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Sunny Sweeney’s Successful, Lyrical, Empowered 5th Studio Album: Married Alone

Sunny Sweeney’s newest album, Married Alone, hurls the listener through a [positive] emotional rollercoaster and showcases her breadth as an artist that is not afraid to genre-bend and is executed in a way that only positively highlights her talent.

Sweeney’s opening song, “Tie Me Up,” is a compelling choice for a first track, albeit one that works to play off the mellow, melancholic tendencies multiple songs on the album exude. The line “you can tie me up, but baby you can’t tie me down” chimes what seems like a dozen times throughout the entire song, emphasizing and solidifying her independent, bold nature. Little Big Town’s “Pontoon,” Carrie Underwood’s “Before He Cheats,” and subliminal cowpunk undertones ring through the lyrical decisions, beat, and tempo. Witnessing Sweeney sing this song in an intimate, live music venue would certainly manifest itself into a grand old time.

“Easy as Hello,” track number two, retains the upbeat mood of “Tie Me Up,” yet is more yearnful and lamenting. Mournful, high-pace western guitar opens the song and preps for the first verse. Lyrically, the song emphasizes Sweeney’s borderline-denial, curious retrospection of an old lover, and the line “if goodbye were as easy as hello” catalogs her regret as it weaves in and out of the song multiple times. The looming, borderline anxious-depressive hybrid of Sweeney is felt through both her vocals and the dim, open strums of the guitar.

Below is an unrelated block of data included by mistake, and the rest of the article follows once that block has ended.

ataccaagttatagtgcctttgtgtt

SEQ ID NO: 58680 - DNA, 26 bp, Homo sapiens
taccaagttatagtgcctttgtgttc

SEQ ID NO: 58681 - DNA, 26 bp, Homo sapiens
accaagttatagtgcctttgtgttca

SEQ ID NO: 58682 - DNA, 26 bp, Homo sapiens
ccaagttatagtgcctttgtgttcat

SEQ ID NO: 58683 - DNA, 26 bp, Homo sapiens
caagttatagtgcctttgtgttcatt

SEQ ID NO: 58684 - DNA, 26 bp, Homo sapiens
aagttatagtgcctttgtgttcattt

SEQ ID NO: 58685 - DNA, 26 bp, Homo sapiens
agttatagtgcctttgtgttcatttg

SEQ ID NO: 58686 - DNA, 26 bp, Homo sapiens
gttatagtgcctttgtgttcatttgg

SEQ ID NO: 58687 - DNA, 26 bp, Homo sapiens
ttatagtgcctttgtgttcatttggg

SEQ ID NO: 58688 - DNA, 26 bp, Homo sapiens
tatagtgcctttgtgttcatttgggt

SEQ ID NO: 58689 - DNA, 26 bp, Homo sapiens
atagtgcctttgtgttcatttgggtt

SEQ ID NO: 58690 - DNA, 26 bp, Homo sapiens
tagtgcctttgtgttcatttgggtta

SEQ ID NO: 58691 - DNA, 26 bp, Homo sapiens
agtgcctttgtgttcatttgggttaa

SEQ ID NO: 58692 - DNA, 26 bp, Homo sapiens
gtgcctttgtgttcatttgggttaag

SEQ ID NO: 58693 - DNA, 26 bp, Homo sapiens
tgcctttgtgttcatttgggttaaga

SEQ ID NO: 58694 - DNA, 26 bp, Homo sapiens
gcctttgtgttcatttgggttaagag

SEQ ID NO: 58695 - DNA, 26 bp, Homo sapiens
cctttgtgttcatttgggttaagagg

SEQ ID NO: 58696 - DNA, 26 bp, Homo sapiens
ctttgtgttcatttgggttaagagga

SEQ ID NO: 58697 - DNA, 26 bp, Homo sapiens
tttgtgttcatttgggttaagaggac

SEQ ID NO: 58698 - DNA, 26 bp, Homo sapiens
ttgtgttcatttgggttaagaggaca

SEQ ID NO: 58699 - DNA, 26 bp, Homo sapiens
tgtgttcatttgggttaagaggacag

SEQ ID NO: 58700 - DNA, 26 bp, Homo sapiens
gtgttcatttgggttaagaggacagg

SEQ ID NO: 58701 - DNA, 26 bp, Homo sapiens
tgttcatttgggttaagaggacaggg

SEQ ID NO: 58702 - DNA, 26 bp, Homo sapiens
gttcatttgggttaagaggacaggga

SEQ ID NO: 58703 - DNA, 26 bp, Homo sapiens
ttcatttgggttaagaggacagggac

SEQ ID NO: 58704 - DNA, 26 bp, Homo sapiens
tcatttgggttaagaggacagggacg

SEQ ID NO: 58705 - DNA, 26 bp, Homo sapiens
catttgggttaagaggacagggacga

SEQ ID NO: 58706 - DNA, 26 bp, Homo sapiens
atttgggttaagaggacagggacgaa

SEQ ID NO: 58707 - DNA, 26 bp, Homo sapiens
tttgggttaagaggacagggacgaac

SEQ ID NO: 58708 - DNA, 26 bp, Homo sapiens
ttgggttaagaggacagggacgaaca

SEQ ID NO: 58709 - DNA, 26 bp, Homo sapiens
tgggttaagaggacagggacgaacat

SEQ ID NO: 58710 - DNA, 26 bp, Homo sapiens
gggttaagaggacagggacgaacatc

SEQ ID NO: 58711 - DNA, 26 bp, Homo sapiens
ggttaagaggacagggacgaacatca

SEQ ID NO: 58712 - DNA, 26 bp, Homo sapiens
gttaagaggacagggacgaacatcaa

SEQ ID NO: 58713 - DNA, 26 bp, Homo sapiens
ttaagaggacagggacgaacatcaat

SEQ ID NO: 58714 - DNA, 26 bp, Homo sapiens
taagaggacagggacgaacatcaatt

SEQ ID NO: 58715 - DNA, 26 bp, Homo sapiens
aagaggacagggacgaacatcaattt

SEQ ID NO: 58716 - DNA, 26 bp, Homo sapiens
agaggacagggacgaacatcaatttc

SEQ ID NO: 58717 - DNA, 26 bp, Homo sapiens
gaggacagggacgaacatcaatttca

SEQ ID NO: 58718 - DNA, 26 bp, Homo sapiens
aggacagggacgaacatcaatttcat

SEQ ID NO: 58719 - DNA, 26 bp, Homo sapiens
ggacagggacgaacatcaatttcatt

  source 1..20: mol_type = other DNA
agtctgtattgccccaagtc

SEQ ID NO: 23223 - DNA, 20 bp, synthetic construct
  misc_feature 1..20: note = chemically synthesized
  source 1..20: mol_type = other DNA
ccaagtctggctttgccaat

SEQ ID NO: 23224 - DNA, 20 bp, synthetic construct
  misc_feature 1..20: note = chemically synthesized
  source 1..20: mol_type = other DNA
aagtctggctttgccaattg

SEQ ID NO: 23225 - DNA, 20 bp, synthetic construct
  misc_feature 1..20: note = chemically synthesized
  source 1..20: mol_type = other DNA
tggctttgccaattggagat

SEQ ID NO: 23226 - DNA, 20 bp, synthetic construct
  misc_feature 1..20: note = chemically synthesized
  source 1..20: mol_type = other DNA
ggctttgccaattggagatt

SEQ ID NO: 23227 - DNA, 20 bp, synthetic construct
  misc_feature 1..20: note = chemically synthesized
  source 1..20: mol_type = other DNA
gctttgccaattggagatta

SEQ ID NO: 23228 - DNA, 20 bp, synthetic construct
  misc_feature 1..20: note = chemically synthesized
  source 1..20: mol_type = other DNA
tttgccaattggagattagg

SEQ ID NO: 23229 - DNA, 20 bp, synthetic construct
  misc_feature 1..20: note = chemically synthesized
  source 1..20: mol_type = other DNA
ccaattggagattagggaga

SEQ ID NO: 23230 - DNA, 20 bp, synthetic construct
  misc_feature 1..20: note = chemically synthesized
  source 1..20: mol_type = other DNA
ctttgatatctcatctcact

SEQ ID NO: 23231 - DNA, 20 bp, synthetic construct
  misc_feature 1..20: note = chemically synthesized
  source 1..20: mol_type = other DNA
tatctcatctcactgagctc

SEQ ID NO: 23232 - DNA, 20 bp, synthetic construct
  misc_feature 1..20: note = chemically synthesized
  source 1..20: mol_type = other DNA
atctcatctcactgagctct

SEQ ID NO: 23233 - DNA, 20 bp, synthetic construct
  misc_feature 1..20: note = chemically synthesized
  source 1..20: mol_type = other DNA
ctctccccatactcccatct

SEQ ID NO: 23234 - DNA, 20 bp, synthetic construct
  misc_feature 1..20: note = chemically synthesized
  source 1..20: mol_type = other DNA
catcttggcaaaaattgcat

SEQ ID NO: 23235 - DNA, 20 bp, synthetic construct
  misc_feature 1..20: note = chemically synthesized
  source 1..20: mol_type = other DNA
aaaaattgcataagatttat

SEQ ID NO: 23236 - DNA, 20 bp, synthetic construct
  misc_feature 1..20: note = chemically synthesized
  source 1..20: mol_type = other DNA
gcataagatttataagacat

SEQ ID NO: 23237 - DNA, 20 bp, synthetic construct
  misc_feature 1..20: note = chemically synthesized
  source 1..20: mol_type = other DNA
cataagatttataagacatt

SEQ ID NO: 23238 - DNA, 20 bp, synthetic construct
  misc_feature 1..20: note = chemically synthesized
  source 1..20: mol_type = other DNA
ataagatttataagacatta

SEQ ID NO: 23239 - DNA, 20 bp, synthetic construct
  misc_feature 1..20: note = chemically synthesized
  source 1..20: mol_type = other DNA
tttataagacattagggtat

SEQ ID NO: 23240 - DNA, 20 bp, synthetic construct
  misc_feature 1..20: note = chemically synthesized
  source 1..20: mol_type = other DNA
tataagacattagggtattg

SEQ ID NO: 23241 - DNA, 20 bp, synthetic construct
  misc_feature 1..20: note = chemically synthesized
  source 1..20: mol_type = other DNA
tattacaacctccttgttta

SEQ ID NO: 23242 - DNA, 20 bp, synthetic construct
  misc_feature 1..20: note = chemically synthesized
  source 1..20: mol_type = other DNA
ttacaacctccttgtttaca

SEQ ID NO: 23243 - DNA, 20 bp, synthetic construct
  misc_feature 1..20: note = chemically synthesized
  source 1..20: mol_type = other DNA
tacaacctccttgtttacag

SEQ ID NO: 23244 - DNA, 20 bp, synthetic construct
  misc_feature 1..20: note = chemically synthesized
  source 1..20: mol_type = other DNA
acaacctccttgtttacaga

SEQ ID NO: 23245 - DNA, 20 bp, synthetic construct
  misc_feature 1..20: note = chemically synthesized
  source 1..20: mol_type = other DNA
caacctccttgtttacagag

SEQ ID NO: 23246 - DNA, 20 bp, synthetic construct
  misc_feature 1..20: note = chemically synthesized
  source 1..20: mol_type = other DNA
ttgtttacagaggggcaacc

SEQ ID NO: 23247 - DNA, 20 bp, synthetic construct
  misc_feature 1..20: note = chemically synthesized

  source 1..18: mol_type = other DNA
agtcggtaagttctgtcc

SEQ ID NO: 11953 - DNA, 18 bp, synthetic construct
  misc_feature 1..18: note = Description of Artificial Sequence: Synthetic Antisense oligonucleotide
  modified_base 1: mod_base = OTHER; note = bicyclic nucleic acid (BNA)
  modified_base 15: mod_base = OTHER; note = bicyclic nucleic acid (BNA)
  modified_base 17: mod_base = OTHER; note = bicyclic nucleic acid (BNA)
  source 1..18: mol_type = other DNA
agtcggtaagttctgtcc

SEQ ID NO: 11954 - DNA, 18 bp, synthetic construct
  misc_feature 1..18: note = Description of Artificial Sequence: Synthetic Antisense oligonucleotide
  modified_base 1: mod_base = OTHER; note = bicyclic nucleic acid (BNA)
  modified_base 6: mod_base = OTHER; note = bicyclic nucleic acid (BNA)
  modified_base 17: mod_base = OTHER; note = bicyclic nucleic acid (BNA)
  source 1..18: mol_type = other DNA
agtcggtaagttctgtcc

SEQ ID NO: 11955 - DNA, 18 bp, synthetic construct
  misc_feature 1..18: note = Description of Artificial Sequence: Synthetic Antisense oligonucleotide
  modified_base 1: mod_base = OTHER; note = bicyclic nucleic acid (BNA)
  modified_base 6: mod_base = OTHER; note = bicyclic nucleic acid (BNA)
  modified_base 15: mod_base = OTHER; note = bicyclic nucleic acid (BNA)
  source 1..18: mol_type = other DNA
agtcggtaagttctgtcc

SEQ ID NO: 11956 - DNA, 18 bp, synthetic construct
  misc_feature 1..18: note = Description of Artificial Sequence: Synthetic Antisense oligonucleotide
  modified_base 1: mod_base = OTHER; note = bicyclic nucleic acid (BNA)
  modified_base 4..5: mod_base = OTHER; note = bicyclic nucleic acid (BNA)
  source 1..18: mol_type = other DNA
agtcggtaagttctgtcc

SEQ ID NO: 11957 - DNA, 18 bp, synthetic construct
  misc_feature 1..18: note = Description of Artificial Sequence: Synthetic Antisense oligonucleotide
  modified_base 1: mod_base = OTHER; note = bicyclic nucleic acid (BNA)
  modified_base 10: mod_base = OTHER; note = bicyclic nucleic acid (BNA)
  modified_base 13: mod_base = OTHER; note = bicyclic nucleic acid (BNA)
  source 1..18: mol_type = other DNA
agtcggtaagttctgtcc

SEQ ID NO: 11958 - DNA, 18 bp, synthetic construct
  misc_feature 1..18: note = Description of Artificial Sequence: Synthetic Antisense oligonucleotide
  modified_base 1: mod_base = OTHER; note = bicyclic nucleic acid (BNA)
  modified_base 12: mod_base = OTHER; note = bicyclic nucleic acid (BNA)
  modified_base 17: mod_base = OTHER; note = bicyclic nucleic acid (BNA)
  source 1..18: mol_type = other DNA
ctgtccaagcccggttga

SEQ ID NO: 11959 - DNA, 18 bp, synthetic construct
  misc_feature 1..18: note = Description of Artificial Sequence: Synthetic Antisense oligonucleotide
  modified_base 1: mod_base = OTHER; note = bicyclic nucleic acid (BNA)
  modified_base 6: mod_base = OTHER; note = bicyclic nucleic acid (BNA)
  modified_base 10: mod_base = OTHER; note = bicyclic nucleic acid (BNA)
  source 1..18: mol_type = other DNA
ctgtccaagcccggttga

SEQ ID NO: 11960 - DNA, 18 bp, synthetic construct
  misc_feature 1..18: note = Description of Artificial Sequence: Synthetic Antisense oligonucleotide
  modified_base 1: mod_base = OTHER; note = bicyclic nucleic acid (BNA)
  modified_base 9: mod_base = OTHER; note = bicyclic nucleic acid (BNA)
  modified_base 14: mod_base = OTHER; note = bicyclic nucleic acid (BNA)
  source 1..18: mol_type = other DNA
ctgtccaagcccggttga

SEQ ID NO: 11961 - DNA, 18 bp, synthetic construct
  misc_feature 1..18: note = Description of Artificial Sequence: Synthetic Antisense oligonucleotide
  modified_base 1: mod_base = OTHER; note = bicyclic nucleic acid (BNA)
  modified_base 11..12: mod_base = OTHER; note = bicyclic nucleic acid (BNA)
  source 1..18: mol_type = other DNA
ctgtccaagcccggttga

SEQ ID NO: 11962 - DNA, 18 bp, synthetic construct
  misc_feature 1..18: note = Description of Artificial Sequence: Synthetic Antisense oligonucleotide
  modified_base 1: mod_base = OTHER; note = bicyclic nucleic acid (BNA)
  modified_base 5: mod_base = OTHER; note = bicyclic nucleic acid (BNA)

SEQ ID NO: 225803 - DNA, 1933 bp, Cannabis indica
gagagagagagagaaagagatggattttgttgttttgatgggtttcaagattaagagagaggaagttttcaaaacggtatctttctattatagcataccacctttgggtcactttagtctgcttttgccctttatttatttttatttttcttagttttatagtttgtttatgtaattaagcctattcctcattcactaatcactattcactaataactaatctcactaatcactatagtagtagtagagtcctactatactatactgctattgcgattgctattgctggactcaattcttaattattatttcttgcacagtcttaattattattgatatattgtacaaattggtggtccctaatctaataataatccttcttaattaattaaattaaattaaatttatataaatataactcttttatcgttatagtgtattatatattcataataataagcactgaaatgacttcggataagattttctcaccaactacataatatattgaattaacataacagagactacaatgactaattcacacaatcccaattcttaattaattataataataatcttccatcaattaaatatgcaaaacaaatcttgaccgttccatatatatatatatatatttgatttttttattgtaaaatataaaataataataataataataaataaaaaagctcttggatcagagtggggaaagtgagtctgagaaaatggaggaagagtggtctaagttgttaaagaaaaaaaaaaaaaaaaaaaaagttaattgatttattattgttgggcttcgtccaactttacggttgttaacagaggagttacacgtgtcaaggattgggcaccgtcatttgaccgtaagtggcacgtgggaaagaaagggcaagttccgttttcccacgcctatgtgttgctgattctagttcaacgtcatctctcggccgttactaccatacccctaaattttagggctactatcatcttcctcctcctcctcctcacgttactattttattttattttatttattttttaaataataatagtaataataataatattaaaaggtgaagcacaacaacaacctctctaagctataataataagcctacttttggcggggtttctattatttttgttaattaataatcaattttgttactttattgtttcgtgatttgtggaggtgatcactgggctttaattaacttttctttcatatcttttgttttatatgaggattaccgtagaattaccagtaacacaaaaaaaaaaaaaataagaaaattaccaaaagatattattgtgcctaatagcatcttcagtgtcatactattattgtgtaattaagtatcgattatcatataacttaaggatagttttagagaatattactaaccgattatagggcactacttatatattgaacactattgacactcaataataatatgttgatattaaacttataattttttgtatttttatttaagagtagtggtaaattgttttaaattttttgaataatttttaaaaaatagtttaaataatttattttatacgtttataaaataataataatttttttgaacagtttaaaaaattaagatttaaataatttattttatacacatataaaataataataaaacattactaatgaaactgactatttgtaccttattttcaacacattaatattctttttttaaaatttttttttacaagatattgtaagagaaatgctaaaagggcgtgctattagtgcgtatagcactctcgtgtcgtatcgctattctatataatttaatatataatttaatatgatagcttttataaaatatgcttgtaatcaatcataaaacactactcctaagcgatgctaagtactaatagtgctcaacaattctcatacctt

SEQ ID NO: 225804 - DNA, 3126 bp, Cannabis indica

Sweeney’s most iconic tracks in Married Alone are those with genre-bending honky-tonk rock-and-roll with splashes of country western roots. Although “Married Alone (feat. Vince Gill)” and “A Song Can’t Fix Everything (feat. Paul Cauthen)” reign as most streamed, and understandably so, her strengths shine through in less popular tracks where upbeat tempos contradict her words. “Someday You’ll Call My Name” could easily turn into a depressing, slow ballad while retaining the same lyrics. An extra layer of intrigue and empowerment is added when she overhauls conventional, cliché country-heartache tunes in quest of something more dimensional. She amplifies what has been done over and over again with tongue-in-cheek, holier-than-thou statements, like “You missed your chance and it’s a cry in shame / Someday you’ll call my name.”

Her rebuttal of the “poor me” mentality that some country artists feed into propels her out of the unspoken box a clump of musicians in her genre fall into: one that grips too tightly onto the notion that you need negative, self-indulgent, borderline sad, egoic narcissism to make a successful, nostalgic heartbreak song. Even tracks like “How’d I End up Lonely Again,” with its sad Texas fiddle, pick up the pace in the interlude for more intrigue and depth. The writing itself hurdles her from basic to elevated with the focus not on her sadness and loneliness but what external relief she relies on to keep trucking along: “No good mornings, no goodbyes / It’s just me and the blues.” This enforces her dimensional character and paints a full picture of a whole person and not someone who is unfulfilled merely due to the lack of a man.

Sweeney’s Married alone leaves the listener feeling empowered. Songs like “Want You to Miss Me” are especially relatable to the general listener who has past tumultuous love experiences. Her raw vulnerability plays a large role in her storytelling prowess. She emphasizes concepts that a slightly lovesick person may feel when she sings lyrics like “I want you to think about me / The way I think about you” in “Want You to Miss Me,” relating to the average joe. Yet, the tone in which she sings in most of her songs, coupled with her unique sprinkle of confidence and knowing her worth, boosts her above much of her competition. The chronology of the album makes sense and tells a story much like her actual words do. She may sing of heartbreak, but her self-esteem holds high, promising listeners that there is hope and whimsy in love withdrawals and adversity in general.

Reviewed by Catherine Spohn


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